On a third down early in the game, the Dolphins were looking to keep the drive alive. The play involved Jaylen Waddle running to the flat, with other receivers coming over the top.

Tua Tagovailoa manipulates a defender to get the ball to Waddle.

Tua is able to read the flat, see that it’s not open, manipulate the flat defender by re-reading the top, then getting back to Waddle for the first down.

By using his eyes to move the underneath defenders, he caused them to commit to the over routes, which single handedly freed up Waddle. The way Tagovailoa uses his eyes is already freeing up big plays early.

RPO Manipulation

The second play shows just what made Tua Tagovailoa so good throughout his collegiate career. This RPO play, as usual, gives the option of the run, but also gives the option for a route over the middle to Waddle.

Tua Tagovailoa gets the ball to Jaylen Waddle on the RPO.

With two linebackers preparing for the run, Tua holds the potential handoff while looking at the edge defender. When the linebackers begin to creep up, Tua pulls up and rips it over the middle of the field.

Showing off one of the quickest triggers in the NFL, Tua Tagovailoa can ensure you’re wrong every time.

Tua Tagovailoa’s Late Game Magic

The last play, coming on a 3rd and goal in the fourth quarter, looks very similar to the first one to Waddle.

The manipulation begins on a fake end around. In order to sell the fake, Tua holds his eyes on the motioning Myles Gaskin. In doing so, the linebacker creeps over and is unable to get to the left side of the field.

Tua Tagovailoa throws a TD to Isaiah Ford.

After the fake, Tagovailoa begins to roll out, and realizes his first read (the flat route) isn’t open. He then reads the back pylon over route to Gesicki, which also isn’t open. The next read of this play is the underneath route to Parker, which, like the first two, is also unopen.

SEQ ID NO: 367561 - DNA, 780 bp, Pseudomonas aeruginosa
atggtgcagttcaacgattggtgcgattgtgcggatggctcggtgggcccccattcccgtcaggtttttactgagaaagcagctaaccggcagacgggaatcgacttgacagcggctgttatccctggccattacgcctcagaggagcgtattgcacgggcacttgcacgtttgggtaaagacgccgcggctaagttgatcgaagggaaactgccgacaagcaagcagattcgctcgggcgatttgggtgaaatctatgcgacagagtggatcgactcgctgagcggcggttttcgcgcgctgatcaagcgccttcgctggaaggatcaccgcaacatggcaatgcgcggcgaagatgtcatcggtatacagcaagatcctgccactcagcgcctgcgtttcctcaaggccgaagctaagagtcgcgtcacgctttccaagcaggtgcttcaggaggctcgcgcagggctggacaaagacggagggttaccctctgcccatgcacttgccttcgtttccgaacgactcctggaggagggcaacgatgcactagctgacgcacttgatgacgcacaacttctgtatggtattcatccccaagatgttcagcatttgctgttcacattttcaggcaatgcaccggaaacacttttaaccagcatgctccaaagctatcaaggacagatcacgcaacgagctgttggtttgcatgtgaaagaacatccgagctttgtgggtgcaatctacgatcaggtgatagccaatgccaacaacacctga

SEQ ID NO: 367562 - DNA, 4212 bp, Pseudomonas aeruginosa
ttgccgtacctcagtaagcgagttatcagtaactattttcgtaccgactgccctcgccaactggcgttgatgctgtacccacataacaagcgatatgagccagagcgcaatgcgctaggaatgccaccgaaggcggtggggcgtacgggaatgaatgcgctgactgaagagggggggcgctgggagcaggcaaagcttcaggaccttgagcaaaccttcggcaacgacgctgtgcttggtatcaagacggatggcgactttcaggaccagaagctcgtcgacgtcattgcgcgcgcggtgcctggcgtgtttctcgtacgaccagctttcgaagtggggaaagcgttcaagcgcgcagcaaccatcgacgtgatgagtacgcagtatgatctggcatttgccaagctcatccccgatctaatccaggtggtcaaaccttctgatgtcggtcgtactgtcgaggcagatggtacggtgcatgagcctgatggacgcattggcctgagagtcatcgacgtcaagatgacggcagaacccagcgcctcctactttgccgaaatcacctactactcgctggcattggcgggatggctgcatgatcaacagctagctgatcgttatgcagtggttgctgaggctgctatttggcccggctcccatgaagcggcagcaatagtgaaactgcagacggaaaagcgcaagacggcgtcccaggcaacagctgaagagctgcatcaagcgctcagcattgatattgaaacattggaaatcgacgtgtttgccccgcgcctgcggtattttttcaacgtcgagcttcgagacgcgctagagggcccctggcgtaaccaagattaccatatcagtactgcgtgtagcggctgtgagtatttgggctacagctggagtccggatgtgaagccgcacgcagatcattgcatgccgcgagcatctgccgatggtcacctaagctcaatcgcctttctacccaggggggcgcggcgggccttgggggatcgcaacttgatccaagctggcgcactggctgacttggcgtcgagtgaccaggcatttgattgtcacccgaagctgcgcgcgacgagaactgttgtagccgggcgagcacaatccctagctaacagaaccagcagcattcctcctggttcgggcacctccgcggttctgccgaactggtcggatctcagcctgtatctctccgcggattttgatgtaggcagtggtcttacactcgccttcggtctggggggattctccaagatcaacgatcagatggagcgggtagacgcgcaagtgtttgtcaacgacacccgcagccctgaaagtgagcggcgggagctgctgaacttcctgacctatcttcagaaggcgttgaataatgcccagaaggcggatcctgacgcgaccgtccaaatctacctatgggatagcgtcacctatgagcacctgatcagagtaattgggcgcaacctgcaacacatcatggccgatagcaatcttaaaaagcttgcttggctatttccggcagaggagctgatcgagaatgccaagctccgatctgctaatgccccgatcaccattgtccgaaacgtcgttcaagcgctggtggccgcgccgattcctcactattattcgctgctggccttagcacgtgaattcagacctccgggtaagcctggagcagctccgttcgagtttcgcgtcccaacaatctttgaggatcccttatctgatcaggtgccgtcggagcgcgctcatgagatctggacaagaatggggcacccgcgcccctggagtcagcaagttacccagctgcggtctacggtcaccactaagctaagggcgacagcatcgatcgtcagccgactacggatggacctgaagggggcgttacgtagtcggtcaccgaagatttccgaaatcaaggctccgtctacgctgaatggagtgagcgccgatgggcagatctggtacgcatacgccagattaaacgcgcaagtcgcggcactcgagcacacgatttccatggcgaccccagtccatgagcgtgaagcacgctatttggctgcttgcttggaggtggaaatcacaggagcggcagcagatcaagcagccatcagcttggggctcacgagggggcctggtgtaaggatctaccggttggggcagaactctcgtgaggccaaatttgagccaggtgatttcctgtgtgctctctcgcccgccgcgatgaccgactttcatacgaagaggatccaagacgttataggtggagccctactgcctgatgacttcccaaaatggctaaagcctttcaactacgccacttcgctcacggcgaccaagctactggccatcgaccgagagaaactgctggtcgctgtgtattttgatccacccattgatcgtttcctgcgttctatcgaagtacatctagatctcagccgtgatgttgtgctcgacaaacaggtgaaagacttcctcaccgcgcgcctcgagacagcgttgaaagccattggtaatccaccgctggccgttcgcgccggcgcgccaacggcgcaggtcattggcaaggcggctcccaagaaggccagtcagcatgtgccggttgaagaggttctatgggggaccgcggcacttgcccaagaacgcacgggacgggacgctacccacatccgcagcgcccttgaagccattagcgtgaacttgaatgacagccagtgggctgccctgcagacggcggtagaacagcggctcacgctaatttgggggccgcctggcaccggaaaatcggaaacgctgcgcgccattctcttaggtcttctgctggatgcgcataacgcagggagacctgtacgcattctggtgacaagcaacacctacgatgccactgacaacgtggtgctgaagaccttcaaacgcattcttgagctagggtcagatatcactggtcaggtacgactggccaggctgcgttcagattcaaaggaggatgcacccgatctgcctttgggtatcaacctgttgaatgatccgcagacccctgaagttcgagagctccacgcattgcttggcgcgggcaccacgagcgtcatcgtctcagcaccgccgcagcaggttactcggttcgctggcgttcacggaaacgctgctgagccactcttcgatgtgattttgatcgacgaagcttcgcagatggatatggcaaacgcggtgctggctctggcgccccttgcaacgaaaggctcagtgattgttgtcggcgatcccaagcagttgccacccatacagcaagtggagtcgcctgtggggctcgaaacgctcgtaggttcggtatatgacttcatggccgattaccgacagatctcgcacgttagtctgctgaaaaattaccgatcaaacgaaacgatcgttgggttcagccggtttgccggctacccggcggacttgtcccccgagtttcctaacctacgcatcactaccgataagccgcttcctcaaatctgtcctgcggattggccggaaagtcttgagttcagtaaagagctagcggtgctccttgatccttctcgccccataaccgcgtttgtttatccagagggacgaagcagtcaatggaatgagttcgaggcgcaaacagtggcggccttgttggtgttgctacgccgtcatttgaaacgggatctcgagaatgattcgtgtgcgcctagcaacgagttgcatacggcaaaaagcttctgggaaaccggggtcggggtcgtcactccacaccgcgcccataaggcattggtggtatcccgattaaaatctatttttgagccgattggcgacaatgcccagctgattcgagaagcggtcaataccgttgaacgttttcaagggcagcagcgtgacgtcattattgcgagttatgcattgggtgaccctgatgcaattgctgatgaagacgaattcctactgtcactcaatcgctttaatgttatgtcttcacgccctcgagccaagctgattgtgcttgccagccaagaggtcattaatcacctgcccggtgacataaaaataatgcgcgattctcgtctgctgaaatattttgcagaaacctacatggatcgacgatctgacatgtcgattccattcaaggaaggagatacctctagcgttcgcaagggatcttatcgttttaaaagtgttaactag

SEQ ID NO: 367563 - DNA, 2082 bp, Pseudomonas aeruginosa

Peyton Manning breaks down Tua Tagovailoa.

Knowing that nothing is open, Tagovailoa does what he did earlier in the game, holding his eyes on the underneath route. In doing so, defensive back Xavier McKinney is unable to commit to his responsibility of the flat, and he flattens his feet. Tagovailoa, realizing he manipulated the defender, quickly snaps his eyes and pulls the trigger to Ford.

Touchdown.

This play in itself has already shown much of Tua Tagovailoa’s immense growth over his first two seasons.

The Bottom Line

Throughout his first 17 starts, Tua has already shown immense growth. With the time to learn his system, his offensive line, and his receivers, his comfortability is starting to show.

The elite traits that we saw in college are slowly starting to shine through, and the ability to manipulate defenders with his eyes is just one of them.

As Miami continues their miracle run, Tua Tagovailoa will hope to show why he can be Miami’s quarterback of the future, and it seems this development is just the beginning.